Do You Speak the Lingo?
Right or wrong, jargon is rampant in some industries
➔ When you’re preparing for an interview with a company – especially a company that’s in an unfamiliar industry, there is much more to investigate and prepare for than a meeting within an industry with which you’re familiar. As if a standard interview isn’t stressful enough.
At this point in time, the market itself is driving many 50+ job seekers to look beyond their tried and true for greener pastures in another line of work. Career changers are increasingly common – some by chance, some by choice. And there isn’t anything inherently wrong with that.
If you’re preparing for a job interview, there is so much to learn. And if you’ve made the choice to switch careers, and you’re interviewing with a company outside your comfort zone of skills and industry, it’s especially challenging.
Among the things for which you had better prepare are the peculiarities of that job or industry, and not the least among these are language. Over the years, many jobs and many industries have developed their own jargon, idioms and buzzwords.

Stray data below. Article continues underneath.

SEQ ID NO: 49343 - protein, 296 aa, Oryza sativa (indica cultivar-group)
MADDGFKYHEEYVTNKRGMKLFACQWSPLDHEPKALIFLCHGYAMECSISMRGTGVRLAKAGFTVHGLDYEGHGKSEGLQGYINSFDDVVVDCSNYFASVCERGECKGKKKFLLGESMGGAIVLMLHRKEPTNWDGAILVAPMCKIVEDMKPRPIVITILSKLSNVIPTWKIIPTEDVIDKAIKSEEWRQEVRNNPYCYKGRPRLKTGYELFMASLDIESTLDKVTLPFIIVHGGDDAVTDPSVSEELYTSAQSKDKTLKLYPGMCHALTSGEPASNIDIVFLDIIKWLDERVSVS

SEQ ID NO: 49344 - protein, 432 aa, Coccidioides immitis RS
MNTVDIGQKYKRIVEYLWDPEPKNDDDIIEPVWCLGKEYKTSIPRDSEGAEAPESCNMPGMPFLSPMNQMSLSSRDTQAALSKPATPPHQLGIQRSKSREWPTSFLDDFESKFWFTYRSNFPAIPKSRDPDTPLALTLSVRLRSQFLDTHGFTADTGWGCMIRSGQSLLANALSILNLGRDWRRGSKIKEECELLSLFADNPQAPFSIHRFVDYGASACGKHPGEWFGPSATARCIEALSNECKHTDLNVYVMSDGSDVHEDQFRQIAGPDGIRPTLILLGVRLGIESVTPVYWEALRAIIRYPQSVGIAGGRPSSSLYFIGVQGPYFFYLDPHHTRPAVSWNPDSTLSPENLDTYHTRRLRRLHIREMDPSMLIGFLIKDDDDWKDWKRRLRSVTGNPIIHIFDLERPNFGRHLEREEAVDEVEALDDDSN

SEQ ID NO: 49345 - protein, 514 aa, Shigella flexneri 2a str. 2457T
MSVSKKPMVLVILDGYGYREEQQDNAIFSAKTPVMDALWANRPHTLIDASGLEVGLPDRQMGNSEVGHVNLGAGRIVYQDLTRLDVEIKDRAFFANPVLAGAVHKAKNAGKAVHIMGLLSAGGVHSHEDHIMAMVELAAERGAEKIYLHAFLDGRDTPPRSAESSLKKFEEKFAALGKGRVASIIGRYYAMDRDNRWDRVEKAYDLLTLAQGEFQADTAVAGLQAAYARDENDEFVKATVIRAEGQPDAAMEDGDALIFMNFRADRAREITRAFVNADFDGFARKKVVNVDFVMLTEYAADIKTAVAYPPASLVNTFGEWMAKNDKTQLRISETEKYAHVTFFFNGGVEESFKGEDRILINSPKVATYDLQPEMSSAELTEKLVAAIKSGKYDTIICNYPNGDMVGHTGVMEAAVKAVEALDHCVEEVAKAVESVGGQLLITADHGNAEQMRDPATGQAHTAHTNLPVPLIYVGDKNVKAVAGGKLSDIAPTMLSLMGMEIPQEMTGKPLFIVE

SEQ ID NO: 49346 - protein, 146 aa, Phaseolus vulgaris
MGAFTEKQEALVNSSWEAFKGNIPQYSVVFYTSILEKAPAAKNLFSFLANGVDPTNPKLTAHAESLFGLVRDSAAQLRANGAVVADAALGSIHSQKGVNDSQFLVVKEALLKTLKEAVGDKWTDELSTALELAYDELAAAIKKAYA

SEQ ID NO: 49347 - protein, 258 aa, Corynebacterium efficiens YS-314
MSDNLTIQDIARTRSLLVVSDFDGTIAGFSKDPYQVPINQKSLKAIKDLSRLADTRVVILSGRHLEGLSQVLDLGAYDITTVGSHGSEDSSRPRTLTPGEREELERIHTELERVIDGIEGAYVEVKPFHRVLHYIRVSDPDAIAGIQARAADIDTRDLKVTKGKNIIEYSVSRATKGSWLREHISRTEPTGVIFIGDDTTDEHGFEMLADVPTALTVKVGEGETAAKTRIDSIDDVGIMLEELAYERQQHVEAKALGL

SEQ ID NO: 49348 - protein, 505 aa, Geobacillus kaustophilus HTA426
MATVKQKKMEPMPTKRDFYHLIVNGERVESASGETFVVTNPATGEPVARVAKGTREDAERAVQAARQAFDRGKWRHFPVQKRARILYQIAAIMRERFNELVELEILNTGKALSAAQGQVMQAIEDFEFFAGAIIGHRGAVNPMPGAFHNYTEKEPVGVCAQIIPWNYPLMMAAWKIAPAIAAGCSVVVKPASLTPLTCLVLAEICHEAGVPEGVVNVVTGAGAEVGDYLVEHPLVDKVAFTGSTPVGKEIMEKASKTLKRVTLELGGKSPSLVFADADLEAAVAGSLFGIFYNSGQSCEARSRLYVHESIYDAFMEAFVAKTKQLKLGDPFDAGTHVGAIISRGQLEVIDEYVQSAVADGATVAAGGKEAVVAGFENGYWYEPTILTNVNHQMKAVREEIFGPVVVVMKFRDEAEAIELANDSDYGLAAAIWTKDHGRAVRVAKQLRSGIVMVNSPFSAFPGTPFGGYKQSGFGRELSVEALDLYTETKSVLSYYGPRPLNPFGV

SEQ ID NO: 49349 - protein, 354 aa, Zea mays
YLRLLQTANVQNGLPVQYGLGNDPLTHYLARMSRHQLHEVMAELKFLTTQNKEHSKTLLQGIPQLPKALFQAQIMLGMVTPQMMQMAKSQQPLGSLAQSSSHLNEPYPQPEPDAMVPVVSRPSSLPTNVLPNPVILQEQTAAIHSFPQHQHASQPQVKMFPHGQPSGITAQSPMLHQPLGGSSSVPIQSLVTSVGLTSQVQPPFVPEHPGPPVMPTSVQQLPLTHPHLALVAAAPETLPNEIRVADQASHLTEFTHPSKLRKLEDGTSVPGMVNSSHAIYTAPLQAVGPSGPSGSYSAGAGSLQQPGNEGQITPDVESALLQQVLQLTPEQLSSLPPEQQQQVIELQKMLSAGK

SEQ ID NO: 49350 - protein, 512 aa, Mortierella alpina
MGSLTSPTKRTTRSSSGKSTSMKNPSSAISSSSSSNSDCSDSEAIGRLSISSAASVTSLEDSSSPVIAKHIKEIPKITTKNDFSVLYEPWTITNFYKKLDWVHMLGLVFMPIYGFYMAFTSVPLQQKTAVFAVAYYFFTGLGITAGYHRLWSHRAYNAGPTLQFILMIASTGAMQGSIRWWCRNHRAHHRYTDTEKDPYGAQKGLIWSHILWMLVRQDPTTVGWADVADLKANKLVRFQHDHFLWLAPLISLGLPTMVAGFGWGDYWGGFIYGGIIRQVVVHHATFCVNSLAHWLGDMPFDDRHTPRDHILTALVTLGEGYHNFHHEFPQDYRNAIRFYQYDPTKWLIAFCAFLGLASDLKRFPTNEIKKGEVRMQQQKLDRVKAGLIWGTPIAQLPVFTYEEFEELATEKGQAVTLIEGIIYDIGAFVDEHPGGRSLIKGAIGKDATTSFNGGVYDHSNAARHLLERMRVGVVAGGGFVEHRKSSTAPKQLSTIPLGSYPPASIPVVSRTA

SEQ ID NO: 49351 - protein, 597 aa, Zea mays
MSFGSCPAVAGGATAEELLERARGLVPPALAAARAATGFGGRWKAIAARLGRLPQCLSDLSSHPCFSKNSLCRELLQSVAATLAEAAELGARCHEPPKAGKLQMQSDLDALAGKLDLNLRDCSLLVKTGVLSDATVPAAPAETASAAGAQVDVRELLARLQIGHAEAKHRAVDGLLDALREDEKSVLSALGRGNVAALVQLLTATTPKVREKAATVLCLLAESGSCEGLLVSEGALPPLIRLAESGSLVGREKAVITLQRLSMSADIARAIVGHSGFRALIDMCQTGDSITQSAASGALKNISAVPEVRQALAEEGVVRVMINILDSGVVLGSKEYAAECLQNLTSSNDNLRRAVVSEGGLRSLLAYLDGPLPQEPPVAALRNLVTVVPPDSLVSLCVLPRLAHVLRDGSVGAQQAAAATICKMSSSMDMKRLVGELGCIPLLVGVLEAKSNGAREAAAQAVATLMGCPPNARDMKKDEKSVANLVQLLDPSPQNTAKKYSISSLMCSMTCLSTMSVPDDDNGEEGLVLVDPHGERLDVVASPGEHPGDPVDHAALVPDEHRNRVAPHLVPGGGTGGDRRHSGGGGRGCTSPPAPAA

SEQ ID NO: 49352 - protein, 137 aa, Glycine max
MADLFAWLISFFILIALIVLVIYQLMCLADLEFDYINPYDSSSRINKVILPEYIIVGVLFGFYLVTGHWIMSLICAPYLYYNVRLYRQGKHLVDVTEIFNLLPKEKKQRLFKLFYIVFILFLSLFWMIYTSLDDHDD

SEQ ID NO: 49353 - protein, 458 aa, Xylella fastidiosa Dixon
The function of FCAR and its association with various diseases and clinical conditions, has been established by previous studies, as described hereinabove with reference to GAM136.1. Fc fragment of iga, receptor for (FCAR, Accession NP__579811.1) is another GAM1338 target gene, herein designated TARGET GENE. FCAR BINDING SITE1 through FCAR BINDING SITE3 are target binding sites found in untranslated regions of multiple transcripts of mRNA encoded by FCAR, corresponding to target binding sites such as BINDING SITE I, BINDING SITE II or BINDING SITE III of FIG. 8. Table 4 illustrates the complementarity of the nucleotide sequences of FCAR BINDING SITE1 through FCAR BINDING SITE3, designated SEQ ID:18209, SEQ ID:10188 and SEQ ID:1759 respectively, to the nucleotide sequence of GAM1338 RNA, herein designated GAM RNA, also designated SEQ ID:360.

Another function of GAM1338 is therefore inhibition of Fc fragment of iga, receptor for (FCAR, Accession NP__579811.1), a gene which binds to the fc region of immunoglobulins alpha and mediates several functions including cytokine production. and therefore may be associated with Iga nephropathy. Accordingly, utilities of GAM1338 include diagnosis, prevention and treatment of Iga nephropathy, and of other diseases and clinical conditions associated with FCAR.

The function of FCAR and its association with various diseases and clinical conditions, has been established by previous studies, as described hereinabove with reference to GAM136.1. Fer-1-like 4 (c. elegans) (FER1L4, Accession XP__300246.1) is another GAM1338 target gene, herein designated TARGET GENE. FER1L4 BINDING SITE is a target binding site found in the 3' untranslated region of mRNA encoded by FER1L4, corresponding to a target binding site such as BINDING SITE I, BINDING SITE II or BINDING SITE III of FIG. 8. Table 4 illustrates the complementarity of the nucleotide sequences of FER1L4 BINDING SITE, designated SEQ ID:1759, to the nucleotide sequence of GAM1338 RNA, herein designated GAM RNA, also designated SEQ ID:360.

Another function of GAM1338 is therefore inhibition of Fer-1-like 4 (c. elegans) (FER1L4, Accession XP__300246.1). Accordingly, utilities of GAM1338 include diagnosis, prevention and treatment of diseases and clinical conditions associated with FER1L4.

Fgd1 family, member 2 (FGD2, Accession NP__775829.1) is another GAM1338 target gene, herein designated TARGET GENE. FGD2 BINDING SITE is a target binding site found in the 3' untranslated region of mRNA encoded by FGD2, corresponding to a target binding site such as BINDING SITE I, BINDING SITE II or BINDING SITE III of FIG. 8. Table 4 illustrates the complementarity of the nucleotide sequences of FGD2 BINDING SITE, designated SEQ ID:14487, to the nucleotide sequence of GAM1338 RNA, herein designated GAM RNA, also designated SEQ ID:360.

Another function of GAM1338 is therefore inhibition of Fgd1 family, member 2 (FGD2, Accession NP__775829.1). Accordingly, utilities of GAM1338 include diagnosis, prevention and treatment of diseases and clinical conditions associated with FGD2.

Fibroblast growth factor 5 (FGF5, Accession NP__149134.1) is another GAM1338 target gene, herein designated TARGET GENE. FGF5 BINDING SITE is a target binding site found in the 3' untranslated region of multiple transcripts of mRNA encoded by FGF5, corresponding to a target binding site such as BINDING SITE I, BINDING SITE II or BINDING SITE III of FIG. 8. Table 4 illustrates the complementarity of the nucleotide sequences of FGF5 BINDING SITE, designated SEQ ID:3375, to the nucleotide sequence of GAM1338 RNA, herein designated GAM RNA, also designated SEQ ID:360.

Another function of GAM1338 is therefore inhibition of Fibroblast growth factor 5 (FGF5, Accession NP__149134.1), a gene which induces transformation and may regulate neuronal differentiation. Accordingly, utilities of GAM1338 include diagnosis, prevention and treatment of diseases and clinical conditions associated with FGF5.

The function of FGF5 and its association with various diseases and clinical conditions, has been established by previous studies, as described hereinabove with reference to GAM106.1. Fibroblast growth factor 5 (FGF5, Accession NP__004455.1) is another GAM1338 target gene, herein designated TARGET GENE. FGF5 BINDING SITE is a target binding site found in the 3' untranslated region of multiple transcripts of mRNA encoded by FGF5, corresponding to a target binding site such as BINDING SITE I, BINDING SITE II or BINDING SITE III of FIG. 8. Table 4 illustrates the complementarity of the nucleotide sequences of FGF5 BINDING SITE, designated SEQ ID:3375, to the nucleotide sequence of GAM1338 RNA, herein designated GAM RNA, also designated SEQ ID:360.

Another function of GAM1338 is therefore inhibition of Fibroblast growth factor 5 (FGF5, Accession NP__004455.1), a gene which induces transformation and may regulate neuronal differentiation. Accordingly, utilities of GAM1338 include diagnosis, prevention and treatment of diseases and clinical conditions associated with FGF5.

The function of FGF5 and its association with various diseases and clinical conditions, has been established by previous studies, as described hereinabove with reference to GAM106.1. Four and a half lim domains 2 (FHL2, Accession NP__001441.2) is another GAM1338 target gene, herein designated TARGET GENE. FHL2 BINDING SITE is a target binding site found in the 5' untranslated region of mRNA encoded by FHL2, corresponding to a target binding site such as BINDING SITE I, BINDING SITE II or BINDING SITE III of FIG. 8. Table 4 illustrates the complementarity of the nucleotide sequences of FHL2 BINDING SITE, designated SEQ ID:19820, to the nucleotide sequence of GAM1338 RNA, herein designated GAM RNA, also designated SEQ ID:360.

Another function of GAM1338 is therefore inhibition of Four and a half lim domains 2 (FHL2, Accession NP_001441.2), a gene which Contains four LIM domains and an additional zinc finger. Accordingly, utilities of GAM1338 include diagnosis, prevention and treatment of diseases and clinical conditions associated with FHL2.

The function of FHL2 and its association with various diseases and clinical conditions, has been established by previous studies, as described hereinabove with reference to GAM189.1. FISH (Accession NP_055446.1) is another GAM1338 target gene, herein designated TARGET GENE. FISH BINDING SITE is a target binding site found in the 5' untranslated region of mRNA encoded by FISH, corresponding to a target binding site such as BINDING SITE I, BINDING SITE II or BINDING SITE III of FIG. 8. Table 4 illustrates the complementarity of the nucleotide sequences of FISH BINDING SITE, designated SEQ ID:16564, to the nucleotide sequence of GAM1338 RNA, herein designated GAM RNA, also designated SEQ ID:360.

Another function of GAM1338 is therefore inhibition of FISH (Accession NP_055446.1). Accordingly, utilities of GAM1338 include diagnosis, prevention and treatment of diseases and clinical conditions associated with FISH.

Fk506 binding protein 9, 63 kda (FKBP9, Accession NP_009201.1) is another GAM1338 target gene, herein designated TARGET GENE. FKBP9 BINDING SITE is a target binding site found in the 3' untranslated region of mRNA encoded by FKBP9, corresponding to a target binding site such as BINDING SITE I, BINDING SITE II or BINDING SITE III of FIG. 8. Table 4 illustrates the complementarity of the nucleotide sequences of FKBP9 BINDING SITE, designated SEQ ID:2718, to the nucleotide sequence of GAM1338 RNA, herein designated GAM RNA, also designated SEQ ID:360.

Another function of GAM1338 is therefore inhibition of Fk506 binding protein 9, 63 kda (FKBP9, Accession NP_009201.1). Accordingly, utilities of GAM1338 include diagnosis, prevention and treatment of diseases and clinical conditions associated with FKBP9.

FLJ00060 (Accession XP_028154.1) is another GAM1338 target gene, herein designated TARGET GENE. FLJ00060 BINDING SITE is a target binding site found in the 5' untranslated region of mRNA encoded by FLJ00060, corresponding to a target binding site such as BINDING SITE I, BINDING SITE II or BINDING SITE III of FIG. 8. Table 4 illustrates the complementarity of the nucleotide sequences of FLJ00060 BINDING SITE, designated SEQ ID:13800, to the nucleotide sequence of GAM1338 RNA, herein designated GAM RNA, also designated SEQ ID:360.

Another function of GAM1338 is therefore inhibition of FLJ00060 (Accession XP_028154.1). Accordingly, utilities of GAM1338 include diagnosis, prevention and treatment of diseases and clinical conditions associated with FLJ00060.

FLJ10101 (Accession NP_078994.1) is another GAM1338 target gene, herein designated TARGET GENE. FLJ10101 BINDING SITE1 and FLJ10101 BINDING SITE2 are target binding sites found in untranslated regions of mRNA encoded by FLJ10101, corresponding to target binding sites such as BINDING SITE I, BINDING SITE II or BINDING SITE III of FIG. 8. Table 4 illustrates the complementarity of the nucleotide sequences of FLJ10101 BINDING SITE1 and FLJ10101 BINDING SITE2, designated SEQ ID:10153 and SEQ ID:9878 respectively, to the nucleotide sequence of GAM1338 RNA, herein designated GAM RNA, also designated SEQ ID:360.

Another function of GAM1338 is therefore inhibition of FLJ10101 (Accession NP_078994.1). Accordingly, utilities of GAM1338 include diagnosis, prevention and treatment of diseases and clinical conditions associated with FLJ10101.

If you can demonstrate your familiarity with these terms and practices, that just might be enough to set you apart from other candidates. But it’s going to take work. Maybe reviewing articles in industry trade journals. Better yet, engage in conversations with people already in that industry – something you should be doing anyway, and don’t be afraid to call them out when something seems odd or out of place.
Of course the reverse is true as well. One of the more basic pieces of advice for resume writers is to avoid using acronyms in your resume. You can’t assume that the person reading it will be familiar with the organization (or whatever the acronym represents.)
It all comes back to that magic word: communication. If you can’t communicate with a prospective employer, how do you ever expect them to hire you?